By Hannah Arthur
Last week I focused on the level of trust we as an audience place in brand-marketing done by Social Media Influencers. This week, I’ll be shifting focus to just how empty and misplaced this trust can be.
First a foremost, it is important to understand a brands need for Influencer-Marketing. As explored in my last blog post, brands have become disconnected from their target audiences, and therefor have to reach out to Social Media Influencers who have earned the interest and trust of their followers, making their public opinion on a brand or product more valuable than a traditional advertising campaign.
It’s no secret that Media Influencers are paid to promote a brand or product to their followers. What is not as commonly recognised however, is that more often than not, Influencers will promote any brand that is willing to pay them the right amount of money.
This leaves us as their audiences particularly vulnerable toward purchasing and placing value in, fake, in-effective and misleading products.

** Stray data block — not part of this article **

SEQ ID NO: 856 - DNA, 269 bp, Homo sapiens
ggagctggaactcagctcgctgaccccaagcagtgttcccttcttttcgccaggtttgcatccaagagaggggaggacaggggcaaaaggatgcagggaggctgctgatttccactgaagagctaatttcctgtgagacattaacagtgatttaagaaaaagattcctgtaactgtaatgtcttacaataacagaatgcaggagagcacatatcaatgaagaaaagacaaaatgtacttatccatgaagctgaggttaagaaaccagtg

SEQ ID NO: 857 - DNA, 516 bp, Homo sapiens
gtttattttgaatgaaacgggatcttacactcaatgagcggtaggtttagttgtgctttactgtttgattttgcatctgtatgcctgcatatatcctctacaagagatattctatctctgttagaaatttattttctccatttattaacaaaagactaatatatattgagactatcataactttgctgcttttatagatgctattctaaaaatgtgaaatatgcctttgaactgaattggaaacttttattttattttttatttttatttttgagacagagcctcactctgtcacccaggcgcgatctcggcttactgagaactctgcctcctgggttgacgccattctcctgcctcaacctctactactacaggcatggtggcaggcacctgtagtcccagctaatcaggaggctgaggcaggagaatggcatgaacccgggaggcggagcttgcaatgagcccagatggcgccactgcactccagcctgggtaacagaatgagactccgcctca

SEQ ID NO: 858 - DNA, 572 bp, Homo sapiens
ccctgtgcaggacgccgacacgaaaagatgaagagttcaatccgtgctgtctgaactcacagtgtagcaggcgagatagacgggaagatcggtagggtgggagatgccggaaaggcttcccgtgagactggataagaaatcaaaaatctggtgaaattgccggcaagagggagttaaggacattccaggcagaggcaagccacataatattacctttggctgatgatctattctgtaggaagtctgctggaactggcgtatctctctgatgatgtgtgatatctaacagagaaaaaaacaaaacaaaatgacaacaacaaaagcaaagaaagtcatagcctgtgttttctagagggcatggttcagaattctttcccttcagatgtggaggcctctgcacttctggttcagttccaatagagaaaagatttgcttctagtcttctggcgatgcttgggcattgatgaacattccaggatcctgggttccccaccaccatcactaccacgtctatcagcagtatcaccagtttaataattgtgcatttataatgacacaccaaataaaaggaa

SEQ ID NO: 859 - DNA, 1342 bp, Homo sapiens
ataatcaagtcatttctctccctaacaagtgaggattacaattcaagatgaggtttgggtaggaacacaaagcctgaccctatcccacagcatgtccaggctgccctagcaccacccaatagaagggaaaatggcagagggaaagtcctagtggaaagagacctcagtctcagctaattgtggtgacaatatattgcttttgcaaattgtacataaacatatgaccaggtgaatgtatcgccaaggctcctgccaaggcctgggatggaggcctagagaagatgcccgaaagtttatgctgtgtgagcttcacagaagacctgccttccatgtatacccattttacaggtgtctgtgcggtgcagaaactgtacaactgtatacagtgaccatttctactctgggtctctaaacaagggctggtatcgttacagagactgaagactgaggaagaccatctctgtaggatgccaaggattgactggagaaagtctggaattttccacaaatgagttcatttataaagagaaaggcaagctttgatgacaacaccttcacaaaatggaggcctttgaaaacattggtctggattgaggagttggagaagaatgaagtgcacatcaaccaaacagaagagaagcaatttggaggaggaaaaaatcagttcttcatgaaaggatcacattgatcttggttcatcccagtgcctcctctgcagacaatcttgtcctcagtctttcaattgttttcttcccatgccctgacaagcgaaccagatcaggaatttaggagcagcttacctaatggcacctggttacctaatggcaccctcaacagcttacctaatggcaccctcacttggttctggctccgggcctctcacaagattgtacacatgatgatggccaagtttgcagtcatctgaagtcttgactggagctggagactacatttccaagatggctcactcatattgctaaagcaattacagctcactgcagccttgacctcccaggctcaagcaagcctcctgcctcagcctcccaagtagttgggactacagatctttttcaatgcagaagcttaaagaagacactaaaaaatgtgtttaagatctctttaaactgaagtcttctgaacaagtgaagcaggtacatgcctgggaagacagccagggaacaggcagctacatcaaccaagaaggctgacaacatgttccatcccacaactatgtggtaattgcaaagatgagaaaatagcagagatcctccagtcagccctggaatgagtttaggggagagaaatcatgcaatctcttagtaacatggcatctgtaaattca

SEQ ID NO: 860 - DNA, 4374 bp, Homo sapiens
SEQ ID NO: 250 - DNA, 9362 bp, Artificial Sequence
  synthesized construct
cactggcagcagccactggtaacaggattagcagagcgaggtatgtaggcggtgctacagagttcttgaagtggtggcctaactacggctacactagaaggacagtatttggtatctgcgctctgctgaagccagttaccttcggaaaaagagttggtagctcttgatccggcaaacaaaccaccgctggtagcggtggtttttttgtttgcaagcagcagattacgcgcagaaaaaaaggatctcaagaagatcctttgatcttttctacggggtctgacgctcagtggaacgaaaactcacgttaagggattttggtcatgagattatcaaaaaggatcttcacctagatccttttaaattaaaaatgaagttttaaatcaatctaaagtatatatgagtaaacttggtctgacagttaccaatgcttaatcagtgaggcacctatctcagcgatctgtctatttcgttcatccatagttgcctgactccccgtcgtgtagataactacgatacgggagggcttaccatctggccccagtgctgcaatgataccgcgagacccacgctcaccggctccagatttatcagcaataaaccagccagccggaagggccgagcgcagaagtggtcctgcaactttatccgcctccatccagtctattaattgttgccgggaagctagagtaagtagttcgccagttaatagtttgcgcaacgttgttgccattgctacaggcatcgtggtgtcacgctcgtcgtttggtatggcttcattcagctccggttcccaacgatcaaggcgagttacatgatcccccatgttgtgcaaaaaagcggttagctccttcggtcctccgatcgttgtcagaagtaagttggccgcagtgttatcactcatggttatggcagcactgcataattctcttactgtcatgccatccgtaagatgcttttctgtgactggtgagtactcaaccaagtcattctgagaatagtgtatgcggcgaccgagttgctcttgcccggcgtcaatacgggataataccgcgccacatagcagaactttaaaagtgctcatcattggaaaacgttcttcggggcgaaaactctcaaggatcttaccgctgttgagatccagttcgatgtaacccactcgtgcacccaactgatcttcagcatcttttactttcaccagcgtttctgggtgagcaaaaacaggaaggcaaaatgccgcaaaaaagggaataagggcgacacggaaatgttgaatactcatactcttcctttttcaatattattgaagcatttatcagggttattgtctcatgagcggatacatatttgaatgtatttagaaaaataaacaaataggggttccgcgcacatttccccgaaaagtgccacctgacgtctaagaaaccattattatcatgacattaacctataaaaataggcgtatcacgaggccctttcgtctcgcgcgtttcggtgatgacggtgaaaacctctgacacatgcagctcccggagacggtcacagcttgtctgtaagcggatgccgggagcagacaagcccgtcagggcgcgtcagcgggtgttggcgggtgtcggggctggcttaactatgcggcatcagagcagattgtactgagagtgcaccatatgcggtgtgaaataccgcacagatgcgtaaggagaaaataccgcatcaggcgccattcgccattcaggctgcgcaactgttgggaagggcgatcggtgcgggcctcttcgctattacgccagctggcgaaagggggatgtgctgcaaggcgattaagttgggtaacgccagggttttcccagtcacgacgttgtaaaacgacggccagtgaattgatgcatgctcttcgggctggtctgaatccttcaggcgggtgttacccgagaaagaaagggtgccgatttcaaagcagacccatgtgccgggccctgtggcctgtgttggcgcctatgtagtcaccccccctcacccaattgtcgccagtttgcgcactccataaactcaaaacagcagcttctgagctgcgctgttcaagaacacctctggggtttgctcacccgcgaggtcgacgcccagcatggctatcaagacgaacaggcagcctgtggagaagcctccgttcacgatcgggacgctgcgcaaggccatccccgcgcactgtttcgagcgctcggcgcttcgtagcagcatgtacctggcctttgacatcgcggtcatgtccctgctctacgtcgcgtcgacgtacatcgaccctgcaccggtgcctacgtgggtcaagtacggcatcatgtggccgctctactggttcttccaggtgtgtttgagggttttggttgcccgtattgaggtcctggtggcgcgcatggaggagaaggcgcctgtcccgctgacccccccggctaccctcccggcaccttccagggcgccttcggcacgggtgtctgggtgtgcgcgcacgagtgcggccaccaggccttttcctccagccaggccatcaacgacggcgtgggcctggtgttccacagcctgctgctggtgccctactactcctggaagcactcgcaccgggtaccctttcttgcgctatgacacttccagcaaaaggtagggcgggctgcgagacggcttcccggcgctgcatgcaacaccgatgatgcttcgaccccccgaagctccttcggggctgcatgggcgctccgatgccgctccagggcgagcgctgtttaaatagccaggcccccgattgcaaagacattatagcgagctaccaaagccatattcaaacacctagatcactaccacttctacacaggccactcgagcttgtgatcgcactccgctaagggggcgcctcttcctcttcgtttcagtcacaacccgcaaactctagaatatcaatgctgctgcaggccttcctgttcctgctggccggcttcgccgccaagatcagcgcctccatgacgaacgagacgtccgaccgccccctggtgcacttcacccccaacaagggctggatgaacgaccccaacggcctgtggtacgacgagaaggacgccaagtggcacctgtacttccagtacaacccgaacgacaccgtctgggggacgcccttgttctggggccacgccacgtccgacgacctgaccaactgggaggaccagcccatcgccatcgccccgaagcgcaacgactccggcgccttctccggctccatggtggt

A blatantly obvious example of a paid promotion (and failure), comes in the form of Scott Disick’s post for BooTeaUK, a weight-loss protein shake style product, back in early 2016. The photo shows Scott leaning against the kitchen counter behind the standard fad protein-shake style tub, with the brand clearly displayed; so far so good. The ‘fail’ of this promotion is contained in the caption which reads:
“Here you go , at 4pm est, write the below.
Caption: Keeping up with the summer workout routine with my morning @booteauk protein shake!”
Clearly a cut-and-paste caption of the message sent by this company to Scott with regards to the promotional post he was allegedly paid upward of $15,000 for, it is hard to tell whether it was a genuine mistake or intentionally done out of humour.
Regardless, it brings to the forefront the extensive and emotionless attitude toward paid promotions by Social Media Influencers, and procures the vital need for us as the audiences regularly subjected to these promotions, to be able to differentiate between them.